By DINESH KUMAR MAGANATHAN
Nearly two years ago, visual artist Cheng Yen Pheng discovered a unique wau (traditional Malay kite) while researching and browsing through YouTube videos. It was an encounter that led her on an adventure to the East Coast of Malaysia.
Cheng was blown away when she stumbled upon the wau lang, known for its immense size, three-dimensional structure, and unique sound when it takes flight. In the videos she found, she managed to track down the wau lang makers, which led her to a kampung in Chendering, Kuala Terengganu.
This would be a turning point in her When Land Tortoises Meet Sea Turtles community project, supported by the Cultural Economy Development Agency’s (Cendana) Visual Arts Inspire Funding Programme.
Cheng’s research and art project aims to observe how the unique location and weather phenomenon in Terengganu affects the lives of the locals. Her particular interest also lies in, certainly, the arts and culture that are formed by these factors.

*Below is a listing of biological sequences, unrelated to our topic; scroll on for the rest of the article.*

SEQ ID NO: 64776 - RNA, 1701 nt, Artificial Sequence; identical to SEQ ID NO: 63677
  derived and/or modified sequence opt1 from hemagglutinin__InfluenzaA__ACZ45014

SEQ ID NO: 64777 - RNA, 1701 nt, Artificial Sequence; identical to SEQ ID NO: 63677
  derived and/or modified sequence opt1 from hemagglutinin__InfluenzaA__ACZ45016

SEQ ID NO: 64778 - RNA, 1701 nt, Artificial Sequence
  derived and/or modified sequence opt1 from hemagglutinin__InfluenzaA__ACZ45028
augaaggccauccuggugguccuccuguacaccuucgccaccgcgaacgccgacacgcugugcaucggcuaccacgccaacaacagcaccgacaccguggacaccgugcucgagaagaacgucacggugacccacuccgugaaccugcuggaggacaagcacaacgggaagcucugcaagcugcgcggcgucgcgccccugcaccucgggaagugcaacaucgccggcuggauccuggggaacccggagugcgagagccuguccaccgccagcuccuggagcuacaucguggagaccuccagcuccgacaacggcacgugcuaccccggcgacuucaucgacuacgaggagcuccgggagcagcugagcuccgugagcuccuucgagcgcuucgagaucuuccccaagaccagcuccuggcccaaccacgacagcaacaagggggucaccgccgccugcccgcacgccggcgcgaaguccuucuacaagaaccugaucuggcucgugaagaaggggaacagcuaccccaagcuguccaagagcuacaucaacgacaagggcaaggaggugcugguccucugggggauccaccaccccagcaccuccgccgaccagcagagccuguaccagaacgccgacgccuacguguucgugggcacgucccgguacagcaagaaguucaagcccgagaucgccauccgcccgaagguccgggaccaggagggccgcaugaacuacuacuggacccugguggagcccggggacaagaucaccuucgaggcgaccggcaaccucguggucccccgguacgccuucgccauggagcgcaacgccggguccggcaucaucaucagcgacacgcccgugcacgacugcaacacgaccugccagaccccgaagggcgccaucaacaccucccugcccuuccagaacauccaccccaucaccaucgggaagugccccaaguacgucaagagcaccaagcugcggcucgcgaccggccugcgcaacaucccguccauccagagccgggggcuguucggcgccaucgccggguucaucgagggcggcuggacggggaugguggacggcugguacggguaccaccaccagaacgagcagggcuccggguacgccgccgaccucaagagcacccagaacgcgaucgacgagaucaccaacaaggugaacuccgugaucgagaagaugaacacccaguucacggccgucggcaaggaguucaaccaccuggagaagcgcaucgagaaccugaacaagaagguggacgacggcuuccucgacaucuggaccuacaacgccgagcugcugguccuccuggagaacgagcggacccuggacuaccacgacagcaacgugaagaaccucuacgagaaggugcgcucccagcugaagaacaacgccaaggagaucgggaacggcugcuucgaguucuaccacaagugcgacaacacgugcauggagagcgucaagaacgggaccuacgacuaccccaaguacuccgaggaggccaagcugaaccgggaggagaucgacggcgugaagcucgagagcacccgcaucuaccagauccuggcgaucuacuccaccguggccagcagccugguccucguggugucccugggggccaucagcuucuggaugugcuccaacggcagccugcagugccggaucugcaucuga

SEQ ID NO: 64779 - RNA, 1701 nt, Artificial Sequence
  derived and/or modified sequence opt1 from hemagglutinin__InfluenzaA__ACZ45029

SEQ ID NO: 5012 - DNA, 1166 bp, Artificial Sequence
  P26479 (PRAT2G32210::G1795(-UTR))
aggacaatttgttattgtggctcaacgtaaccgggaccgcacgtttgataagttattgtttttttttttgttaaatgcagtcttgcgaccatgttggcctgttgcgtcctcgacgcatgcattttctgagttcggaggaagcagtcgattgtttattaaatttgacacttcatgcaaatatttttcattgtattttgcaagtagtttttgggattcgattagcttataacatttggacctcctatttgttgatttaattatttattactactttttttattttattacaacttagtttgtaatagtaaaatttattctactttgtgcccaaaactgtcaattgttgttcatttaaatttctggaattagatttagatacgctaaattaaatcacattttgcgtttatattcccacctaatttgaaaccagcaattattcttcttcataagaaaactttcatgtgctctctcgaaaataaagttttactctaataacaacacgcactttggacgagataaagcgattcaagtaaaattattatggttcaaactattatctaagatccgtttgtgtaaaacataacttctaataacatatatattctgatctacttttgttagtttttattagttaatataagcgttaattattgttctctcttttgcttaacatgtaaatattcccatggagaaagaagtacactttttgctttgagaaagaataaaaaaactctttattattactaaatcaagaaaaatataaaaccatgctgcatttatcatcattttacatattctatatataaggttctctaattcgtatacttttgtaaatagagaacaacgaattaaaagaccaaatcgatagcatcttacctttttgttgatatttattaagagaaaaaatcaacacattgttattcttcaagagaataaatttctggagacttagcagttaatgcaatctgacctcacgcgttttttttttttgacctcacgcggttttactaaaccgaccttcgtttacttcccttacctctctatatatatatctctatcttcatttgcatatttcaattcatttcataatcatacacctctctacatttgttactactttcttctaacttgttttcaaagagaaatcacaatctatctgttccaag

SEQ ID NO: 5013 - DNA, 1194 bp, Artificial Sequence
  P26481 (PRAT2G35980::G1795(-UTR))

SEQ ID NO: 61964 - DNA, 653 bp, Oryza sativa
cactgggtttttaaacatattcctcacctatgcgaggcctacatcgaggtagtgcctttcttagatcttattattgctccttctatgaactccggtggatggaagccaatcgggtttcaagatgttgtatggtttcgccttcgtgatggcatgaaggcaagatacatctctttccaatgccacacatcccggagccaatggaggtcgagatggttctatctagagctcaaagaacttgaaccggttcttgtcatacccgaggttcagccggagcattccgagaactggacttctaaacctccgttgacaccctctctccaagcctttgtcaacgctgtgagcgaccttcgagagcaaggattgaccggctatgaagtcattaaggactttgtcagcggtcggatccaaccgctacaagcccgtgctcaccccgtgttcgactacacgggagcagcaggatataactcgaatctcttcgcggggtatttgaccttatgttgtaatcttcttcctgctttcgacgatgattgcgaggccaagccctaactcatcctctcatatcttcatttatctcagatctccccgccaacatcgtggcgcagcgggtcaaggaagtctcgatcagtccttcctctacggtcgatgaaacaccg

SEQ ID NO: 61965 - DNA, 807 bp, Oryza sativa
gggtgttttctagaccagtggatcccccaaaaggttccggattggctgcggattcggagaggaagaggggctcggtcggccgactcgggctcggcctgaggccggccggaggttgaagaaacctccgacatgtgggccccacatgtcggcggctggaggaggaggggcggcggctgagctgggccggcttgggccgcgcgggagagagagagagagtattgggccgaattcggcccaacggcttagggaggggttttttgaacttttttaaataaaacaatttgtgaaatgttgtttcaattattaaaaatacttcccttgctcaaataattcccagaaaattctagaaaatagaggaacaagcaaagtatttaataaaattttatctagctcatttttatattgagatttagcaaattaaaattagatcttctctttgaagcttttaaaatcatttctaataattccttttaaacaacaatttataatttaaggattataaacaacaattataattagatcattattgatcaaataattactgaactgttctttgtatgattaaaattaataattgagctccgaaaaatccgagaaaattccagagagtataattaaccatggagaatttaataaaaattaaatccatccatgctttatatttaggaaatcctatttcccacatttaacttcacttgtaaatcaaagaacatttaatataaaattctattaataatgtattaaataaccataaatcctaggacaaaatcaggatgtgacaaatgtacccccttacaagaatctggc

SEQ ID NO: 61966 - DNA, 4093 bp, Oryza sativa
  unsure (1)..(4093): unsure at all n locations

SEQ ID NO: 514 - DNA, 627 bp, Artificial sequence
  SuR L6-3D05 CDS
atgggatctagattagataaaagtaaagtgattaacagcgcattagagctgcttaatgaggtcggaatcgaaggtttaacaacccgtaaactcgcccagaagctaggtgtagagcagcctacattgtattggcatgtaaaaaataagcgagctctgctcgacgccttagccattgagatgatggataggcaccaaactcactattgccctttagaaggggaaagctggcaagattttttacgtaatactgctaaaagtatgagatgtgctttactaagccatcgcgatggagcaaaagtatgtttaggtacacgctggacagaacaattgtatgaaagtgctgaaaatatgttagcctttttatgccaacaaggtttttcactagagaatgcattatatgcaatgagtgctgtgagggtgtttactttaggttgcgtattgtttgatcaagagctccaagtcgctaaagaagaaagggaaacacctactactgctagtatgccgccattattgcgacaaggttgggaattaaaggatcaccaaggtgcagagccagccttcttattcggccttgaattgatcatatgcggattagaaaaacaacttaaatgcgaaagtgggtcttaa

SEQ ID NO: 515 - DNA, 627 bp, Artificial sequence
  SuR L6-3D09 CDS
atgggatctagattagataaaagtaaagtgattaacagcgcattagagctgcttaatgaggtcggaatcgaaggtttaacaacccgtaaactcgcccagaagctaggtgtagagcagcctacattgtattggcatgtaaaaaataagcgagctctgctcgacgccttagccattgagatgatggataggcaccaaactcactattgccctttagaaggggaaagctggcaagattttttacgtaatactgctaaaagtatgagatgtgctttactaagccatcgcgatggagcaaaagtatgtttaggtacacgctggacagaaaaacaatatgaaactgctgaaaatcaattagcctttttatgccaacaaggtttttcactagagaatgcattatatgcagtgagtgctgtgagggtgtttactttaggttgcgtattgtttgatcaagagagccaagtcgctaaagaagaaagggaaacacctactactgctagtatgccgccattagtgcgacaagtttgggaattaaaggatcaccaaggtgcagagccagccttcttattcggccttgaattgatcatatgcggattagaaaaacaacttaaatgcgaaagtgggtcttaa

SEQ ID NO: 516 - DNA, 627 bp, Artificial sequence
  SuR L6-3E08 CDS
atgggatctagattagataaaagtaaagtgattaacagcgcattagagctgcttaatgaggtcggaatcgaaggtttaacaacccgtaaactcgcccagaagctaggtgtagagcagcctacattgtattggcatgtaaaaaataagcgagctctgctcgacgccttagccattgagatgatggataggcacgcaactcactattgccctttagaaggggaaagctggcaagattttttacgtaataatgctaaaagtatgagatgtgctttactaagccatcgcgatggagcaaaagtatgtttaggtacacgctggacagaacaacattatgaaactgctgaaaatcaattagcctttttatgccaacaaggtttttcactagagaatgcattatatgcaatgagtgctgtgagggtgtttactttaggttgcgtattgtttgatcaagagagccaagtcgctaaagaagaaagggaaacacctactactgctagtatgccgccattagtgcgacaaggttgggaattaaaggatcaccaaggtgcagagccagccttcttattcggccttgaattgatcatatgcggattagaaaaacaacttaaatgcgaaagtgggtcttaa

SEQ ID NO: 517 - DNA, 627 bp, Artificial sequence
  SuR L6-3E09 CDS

However, her field work involving the wau lang makers didn’t start off smoothly.
“It (wau studio) was run by a group of young men. They were very nice. But when I asked them about wau lang and said I was interested in conducting a wau-making workshop, I could tell they were apprehensive,” says Cheng, 39, in a recent Zoom interview on how they didn’t reject her outright but ignored her request.
Undaunted, Cheng contacted another local wau-making representative. Again, she faced a dead end.
“I wondered if they were just shy because I’m a woman,” says Cheng, a locally trained artist, who had a memorable year in 2019 when her artwork Tug Of War: My Homeland won the UOB Painting of the Year (Malaysia) award.
With a determined approach towards art and life, this artist clearly didn’t give up easily.
Despite the pandemic and various lockdowns that came along later, Cheng had this When Land Tortoises Meet Sea Turtles project to keep her busy and continued working on ways to develop it.